Kluge: The Haphazard Construction of the Human Mind Audio CD – Audiobook, CD, Unabridged
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Argues that the human mind is not a meticulously designed organ but rather a "kluge," a clumsy, cobbled-together contraption, offering a revealing study of some of the complex aspects of human nature, how the mind falls short in such areas as memory, belief, decision-making, language, and emotion, and the influence of evolution on the creation of t --This text refers to an out of print or unavailable edition of this title.
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Using the fact of our brains having an evolutionary foundation, Marcus shows how Shakespeare's and the Bible's depictions of the brain are flawed. We have poor, erratic memories, we make irrational decisions, and we'll believe things that are patently untrue - sometimes with real tenacity. Our brains are built up from very ancient structures, probably using the same processes, with added complexity developing over time ["This worked last time, but it's not working now. Cobble something up to fix it."]. Knowing that readers might be overwhelmed with data overload [our memories can't handle it!], the author focusses on a half-dozen aspects of brain "design" demonstrating the positive features and the shortfalls. Memory, Belief, Choice, Language, Pleasure and "Things Fall Apart" - distractions. In each case, he explains how the system is usually depicted, what might be the ideal process, and how it actually works.Read more ›
Mr. Marcus asserts that Evolution yields suboptimal, patchwork designs, in particular the human mind. While it is widely accepted that the human body has many quirks -- wisdom teeth, the retina's backward installation resulting in blind spots in both eyes, a spine that is conducive to back pain, and even the replication process of the DNA -- what gets short shrift is the imperfection of the mind. A mind seemingly impervious to optimal design and prone to a host of human cognitive idiosyncrasies explained eloquently and in detail in this book.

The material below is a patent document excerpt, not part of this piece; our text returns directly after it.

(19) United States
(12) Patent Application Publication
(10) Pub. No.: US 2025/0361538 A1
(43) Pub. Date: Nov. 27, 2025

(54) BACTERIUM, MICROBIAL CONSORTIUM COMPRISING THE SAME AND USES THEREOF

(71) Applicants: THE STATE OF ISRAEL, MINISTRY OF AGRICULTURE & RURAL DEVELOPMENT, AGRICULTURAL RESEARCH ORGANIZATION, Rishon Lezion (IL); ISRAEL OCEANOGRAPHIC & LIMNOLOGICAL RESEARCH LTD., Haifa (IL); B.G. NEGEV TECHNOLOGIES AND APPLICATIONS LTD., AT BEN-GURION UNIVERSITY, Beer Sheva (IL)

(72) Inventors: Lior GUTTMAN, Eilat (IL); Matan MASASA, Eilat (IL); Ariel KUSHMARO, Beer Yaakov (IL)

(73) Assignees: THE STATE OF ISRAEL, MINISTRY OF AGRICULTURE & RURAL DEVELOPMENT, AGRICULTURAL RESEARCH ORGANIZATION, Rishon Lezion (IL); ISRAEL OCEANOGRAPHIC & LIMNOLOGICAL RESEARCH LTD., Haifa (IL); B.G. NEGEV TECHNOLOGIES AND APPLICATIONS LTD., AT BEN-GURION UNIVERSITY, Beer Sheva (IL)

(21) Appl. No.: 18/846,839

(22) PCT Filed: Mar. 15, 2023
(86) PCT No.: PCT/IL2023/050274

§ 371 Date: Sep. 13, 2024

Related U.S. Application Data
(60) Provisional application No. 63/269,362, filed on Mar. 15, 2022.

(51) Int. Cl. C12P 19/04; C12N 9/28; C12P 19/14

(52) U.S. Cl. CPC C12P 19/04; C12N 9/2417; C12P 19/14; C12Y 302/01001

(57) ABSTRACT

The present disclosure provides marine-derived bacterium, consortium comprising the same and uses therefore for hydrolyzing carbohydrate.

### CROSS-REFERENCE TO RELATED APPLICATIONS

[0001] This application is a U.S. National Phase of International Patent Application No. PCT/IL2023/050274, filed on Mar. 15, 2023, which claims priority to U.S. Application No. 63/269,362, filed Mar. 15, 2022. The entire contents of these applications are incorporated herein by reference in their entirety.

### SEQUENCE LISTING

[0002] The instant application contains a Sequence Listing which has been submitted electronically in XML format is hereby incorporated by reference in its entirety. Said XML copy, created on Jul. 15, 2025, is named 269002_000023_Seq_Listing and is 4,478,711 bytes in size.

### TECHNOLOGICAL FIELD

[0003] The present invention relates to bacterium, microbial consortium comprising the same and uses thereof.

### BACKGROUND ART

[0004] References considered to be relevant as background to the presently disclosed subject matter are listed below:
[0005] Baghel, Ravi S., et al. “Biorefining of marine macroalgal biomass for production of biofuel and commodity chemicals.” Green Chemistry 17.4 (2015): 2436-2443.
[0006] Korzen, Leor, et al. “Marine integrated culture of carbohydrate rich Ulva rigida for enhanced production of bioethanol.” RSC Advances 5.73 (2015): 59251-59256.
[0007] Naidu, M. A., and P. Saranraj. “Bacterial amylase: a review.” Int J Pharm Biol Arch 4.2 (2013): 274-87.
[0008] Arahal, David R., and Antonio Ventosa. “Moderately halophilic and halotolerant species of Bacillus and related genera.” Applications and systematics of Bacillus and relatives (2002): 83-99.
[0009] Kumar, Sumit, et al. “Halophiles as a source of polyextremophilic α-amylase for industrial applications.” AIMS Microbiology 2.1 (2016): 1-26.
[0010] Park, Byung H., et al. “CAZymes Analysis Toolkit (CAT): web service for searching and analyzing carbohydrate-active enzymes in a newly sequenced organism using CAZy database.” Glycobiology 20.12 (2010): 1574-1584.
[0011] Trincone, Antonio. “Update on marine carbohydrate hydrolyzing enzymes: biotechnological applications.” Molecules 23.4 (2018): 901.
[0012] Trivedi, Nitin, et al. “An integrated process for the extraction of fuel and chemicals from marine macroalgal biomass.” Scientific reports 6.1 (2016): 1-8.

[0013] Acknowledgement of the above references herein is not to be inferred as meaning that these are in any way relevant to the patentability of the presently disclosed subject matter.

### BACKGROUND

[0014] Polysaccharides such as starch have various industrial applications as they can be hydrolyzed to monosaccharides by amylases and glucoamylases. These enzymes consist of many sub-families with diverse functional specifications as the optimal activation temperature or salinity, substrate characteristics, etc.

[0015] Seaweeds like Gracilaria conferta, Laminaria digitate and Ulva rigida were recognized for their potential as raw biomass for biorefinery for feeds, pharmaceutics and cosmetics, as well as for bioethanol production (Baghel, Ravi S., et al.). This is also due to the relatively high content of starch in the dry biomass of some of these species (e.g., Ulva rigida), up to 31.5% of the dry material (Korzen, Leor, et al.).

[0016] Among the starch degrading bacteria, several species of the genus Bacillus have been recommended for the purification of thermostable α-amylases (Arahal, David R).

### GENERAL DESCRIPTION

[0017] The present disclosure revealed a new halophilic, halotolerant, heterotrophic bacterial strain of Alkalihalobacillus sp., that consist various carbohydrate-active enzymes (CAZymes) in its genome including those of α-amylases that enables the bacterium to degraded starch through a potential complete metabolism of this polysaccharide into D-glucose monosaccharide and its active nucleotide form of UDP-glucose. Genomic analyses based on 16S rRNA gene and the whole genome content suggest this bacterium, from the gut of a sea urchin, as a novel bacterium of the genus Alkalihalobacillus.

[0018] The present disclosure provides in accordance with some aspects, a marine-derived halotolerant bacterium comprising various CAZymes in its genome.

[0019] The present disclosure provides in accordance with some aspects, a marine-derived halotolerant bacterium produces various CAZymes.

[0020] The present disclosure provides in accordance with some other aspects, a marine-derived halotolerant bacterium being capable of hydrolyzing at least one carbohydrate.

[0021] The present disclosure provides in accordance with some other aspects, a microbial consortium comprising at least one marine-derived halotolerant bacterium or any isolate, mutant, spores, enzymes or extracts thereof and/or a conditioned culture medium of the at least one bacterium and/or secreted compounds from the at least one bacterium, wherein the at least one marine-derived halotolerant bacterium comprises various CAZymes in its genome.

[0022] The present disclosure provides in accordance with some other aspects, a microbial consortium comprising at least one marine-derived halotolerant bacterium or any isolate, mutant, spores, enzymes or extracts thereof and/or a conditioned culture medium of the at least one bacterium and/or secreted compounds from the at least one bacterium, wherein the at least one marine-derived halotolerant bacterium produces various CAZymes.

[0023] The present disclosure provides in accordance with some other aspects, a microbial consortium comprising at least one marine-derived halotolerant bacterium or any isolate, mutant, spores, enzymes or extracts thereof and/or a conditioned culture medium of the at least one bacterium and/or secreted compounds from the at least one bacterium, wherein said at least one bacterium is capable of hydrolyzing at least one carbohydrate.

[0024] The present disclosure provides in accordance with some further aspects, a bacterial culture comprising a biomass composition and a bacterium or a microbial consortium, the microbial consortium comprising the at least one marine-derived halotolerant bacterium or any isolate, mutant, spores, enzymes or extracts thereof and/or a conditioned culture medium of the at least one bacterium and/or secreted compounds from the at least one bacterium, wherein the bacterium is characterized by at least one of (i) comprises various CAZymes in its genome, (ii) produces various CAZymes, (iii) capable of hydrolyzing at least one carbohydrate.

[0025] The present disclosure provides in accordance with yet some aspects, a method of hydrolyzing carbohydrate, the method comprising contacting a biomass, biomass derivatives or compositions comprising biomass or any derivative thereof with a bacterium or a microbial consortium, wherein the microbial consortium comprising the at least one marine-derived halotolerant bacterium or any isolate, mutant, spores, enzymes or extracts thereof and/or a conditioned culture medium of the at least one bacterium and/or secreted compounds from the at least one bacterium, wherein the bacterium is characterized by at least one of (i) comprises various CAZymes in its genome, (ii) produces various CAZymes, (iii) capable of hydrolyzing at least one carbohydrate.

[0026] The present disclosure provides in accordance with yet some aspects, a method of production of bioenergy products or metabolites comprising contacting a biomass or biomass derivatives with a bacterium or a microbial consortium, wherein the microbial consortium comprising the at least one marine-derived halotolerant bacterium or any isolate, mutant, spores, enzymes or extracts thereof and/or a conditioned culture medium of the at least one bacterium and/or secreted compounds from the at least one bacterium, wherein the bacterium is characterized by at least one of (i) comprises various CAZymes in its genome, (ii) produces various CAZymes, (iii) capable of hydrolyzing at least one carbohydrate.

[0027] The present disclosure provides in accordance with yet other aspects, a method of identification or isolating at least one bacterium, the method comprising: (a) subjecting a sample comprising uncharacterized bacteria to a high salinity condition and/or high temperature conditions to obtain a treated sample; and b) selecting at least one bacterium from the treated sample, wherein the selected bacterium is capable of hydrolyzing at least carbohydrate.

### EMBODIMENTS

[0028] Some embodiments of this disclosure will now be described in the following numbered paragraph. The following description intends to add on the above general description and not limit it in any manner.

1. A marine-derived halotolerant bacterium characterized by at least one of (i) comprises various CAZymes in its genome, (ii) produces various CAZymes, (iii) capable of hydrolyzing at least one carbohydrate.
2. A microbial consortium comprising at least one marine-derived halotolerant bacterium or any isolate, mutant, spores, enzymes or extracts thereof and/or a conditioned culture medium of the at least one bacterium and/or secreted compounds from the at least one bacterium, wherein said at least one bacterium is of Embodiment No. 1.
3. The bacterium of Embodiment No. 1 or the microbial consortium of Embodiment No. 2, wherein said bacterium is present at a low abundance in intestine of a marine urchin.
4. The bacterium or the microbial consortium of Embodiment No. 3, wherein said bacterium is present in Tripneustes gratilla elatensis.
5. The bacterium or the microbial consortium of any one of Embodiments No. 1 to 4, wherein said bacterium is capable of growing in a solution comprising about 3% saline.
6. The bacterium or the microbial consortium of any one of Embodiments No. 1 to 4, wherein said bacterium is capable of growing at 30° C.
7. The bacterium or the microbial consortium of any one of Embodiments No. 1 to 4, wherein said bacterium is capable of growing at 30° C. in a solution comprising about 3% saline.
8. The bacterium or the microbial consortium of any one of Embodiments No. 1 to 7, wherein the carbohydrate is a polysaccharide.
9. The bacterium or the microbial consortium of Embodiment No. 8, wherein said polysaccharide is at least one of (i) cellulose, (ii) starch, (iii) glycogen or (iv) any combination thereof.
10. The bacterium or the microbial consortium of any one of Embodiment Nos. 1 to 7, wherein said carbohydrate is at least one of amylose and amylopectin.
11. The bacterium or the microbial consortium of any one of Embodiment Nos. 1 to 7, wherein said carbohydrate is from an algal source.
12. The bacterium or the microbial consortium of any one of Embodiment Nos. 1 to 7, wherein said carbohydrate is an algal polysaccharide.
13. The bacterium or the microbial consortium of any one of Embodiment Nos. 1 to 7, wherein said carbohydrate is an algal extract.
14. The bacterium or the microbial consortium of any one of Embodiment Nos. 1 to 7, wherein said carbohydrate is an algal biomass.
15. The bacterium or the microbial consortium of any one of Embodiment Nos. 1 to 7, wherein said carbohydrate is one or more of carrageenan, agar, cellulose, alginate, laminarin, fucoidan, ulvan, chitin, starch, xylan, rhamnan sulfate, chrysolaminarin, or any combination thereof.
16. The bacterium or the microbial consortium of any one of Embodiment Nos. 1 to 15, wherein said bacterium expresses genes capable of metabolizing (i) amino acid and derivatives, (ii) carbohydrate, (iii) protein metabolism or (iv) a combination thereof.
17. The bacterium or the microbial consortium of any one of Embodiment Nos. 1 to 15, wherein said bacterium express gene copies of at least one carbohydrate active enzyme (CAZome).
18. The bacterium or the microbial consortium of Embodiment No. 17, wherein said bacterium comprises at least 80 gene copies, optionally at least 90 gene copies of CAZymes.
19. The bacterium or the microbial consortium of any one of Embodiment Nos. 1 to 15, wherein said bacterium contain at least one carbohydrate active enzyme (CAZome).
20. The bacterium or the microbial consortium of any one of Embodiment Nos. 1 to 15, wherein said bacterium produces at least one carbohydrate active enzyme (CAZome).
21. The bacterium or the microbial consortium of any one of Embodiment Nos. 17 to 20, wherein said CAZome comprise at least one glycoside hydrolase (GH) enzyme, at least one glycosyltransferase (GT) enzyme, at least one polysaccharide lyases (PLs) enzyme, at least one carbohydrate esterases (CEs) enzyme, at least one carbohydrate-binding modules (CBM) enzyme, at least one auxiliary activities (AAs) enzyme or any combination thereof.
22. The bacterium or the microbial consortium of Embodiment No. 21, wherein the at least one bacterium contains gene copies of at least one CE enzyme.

Our contextual memory is unreliable. Our belief system is subject to mental contaminations stemming from superstition, manipulation, and fallacy. The brain mechanism that controls our everyday choices is susceptible to the "weakness of the will". We tend to live in the moment rather than plan for the future, a remnant of our days without refrigerators when life was, as Thomas Hobbs put it "nasty, brutish and short." Most pleasures stem from the "ancestral reflexive" part of the mind that is shortsighted.
While most of Mr. Marcus' assertions are plausible, I took issue with one in particular: That the evolutionary process is inherently flawed because it's not possible to build a superior design from the ground up. Consequently, improvements are made to existing, archaic systems ad nauseam. Mr. Marcus seems to discount the idea that evolution is a painfully slow process of building solutions to life's existing problems.Read more ›
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